Wiley's Station sold in September, 1855, to twin brothers from Machias, Maine: Sanford and Cyrus Lyon.
Born on November 20, 1831, the pair shipped out "around the horn" and arrived in Los Angeles during the Gold Rush. Sanford took a job as clerk for Alexander and Mellus, living in David W. Alexander's home, while brother Cyrus, a more adventurous spirit, became something of a gunman.
Los Angeles was then a collection of squat adobe huts with a few substantial homes on the Plaza. Dogs lay in the dusty streets while giant rats prowled the back alleys, providing target practice for the citizens. When they tired of shooting strays they shot at each other. Killings were so common, the papers stopped reporting them. One day in 1853, no one was murdered — that was cause for banner headlines.
The mayor of the town, Don Ygnacio del Valle, fed up with the lawlessness, formed the California Rangers. The Rangers were led by Major Horace Bell and three captains: William W. Jenkins, William Reader and Cyrus Lyon.
Working like vigilantes, the Rangers soon bludgeoned or shot every "low element" with total disregard for constitutional rights or due process. Within two years the force was disbanded, as the reasons for their existence were either dead, incarcerated or moved on to a more permissive environment.
Back in New York, John Butterfield resigned from the board of directors of Wells Fargo and Company and formed American Express as a rival concern. Butterfield then established the Butterfield Overland Stage, which set a land speed record of only twenty-one days from St. Louis to San Francisco.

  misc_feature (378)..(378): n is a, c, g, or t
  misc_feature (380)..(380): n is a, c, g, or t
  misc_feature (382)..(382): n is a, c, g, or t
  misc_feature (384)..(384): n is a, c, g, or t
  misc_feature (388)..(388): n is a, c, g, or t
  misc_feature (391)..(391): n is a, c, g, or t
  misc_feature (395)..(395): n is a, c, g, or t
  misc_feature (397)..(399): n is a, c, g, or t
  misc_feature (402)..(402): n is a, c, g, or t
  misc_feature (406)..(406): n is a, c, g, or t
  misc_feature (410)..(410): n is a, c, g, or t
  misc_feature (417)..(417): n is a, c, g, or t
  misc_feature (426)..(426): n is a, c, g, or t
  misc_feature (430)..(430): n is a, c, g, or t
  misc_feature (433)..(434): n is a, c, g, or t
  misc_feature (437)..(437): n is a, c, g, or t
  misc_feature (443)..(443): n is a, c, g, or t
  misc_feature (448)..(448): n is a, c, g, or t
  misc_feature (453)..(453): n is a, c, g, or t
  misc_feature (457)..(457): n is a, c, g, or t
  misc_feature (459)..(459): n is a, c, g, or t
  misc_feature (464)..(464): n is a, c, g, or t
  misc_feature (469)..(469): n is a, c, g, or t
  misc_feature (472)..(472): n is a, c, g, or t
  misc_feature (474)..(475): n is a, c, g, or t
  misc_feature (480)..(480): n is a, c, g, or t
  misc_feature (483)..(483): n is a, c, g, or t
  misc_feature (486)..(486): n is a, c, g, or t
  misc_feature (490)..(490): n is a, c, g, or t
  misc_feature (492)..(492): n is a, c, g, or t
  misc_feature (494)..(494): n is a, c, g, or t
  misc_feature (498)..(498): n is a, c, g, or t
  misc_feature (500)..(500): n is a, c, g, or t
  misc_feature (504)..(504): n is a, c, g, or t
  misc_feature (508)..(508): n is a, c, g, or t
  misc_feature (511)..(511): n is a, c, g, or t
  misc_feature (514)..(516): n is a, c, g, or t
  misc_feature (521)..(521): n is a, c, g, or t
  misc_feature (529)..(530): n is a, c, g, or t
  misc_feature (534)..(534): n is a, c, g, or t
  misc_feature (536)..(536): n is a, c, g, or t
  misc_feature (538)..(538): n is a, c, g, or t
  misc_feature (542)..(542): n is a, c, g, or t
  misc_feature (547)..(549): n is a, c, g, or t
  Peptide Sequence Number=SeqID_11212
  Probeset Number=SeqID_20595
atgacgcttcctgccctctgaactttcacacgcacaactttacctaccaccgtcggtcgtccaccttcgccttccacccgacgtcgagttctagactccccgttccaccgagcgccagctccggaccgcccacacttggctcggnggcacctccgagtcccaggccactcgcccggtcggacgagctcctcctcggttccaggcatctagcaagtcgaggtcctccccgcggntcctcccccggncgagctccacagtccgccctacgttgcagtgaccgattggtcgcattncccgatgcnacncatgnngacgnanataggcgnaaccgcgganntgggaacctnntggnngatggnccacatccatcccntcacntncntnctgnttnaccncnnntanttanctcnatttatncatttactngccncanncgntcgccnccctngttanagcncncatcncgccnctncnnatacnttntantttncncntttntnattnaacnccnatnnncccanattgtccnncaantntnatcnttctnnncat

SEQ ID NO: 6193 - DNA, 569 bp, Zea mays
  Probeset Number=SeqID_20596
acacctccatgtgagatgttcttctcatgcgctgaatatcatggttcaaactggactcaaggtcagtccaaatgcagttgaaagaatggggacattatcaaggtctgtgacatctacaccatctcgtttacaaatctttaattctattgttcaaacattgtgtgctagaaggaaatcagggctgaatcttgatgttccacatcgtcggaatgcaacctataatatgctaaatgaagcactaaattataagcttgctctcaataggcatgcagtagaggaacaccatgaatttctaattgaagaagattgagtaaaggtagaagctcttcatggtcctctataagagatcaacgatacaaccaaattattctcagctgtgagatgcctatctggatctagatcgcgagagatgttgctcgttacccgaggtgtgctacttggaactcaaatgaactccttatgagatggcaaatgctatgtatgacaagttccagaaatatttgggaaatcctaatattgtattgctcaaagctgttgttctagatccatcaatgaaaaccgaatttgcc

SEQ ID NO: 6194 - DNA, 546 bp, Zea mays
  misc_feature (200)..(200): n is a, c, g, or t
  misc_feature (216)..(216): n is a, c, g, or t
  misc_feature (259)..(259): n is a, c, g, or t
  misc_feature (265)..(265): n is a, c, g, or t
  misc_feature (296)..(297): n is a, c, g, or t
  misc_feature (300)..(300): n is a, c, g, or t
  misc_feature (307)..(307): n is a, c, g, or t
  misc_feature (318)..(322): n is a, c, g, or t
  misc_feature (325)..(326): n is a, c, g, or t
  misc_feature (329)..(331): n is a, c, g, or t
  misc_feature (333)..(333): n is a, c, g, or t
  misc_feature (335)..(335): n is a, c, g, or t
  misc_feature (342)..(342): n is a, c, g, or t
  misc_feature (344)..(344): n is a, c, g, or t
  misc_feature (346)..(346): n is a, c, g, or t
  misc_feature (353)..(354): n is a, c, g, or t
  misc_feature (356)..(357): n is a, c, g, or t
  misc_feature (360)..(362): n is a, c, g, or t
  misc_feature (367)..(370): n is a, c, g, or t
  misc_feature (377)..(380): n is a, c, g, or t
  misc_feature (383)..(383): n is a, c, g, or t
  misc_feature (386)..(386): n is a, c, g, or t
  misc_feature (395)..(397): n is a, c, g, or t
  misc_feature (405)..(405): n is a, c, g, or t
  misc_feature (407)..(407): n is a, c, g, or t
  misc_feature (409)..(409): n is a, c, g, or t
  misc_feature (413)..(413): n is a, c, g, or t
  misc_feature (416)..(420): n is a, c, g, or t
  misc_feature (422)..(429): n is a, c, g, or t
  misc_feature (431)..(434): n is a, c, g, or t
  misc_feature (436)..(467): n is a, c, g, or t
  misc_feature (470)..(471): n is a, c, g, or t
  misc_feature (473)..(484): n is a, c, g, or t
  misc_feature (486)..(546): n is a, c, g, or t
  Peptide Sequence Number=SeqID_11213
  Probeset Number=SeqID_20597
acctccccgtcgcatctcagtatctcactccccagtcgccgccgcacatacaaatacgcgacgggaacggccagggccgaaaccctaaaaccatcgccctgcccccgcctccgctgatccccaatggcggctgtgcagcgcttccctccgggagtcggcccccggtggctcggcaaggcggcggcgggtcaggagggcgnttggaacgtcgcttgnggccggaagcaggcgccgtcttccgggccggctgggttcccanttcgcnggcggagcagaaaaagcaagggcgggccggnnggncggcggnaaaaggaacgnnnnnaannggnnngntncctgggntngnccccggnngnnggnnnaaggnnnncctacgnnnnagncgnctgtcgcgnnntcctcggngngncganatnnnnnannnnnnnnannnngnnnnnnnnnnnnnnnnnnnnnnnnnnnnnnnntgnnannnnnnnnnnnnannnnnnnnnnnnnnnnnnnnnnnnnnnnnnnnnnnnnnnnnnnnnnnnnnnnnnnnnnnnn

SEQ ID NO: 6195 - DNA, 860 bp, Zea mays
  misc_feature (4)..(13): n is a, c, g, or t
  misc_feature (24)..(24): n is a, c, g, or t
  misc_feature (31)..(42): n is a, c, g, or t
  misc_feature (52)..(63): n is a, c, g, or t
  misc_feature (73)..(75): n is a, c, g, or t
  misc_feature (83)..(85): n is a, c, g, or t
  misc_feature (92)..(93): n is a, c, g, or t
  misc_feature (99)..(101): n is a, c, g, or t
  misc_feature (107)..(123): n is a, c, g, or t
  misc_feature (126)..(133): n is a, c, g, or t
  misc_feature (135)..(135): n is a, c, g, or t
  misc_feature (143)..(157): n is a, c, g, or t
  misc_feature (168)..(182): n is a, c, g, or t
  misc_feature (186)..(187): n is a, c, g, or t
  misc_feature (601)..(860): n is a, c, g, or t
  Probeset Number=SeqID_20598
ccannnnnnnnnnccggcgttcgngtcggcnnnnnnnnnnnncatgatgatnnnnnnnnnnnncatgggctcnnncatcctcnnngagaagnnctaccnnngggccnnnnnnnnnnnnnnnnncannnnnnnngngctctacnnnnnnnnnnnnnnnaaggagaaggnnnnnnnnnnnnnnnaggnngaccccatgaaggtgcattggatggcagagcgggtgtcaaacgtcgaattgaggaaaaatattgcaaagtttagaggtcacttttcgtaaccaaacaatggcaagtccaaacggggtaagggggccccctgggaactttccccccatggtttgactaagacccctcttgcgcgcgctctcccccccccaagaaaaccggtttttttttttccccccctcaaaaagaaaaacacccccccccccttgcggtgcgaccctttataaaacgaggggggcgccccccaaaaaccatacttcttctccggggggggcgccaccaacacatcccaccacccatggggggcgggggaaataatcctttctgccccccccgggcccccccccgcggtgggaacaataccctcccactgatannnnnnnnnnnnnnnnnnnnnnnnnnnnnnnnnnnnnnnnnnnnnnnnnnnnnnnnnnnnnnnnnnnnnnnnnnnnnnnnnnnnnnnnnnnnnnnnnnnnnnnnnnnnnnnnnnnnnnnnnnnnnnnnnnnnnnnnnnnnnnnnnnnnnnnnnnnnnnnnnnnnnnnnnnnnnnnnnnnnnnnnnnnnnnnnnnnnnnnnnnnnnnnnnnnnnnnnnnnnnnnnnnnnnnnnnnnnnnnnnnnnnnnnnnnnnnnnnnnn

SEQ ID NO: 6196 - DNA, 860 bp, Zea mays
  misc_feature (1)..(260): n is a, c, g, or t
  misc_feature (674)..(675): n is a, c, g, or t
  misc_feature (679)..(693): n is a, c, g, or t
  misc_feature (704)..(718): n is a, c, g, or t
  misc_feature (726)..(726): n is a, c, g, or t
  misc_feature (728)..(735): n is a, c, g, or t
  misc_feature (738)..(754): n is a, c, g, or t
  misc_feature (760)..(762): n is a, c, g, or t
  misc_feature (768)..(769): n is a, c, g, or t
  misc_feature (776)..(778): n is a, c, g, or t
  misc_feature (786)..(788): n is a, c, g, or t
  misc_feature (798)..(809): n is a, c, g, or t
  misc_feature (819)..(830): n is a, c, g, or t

The Los Angeles Board of Supervisors appropriated eight thousand dollars to improve the road between San Fernando and Fort Tejon as a part of the Great Southern, or OxBow, route pioneered by Texas cattlemen. At 1:00 p.m. on October 7, 1858, the first of Mr. Butterfield's coaches rolled into Los Angeles, where they were greeted by a hundred-gun salute.
The next day they struggled over Frémont's Pass, stopping at Lyon's Station to change horses and get a warm meal for their passengers. Then they rolled up San Francisquito Canyon, bound for San Francisco. The Lyon brothers played host to Overland stages for only three years until Confederate soldiers forever ended the saga of Mr. Butterfield's company.
Lyon's Station, operated chiefly by Sanford, continued to grow. By 1868 it consisted of a large-frame building housing a store, post office, stage depot and tavern. Behind that the family cottage was hidden among stately oaks, while up the hill were some board-and-batten residences for twenty of Lyon's employees and their families.
There a cemetery was established, where such names as Rivera, Whitney and even Lyon were eventually inscribed into headstones. Across the road that would one day be known as Sierra Highway loomed a red, New England-style barn, surrounded by corrals and sheep pens, with cattle roaming free over the steep hills.
Today the place goes by the name of Eternal Valley.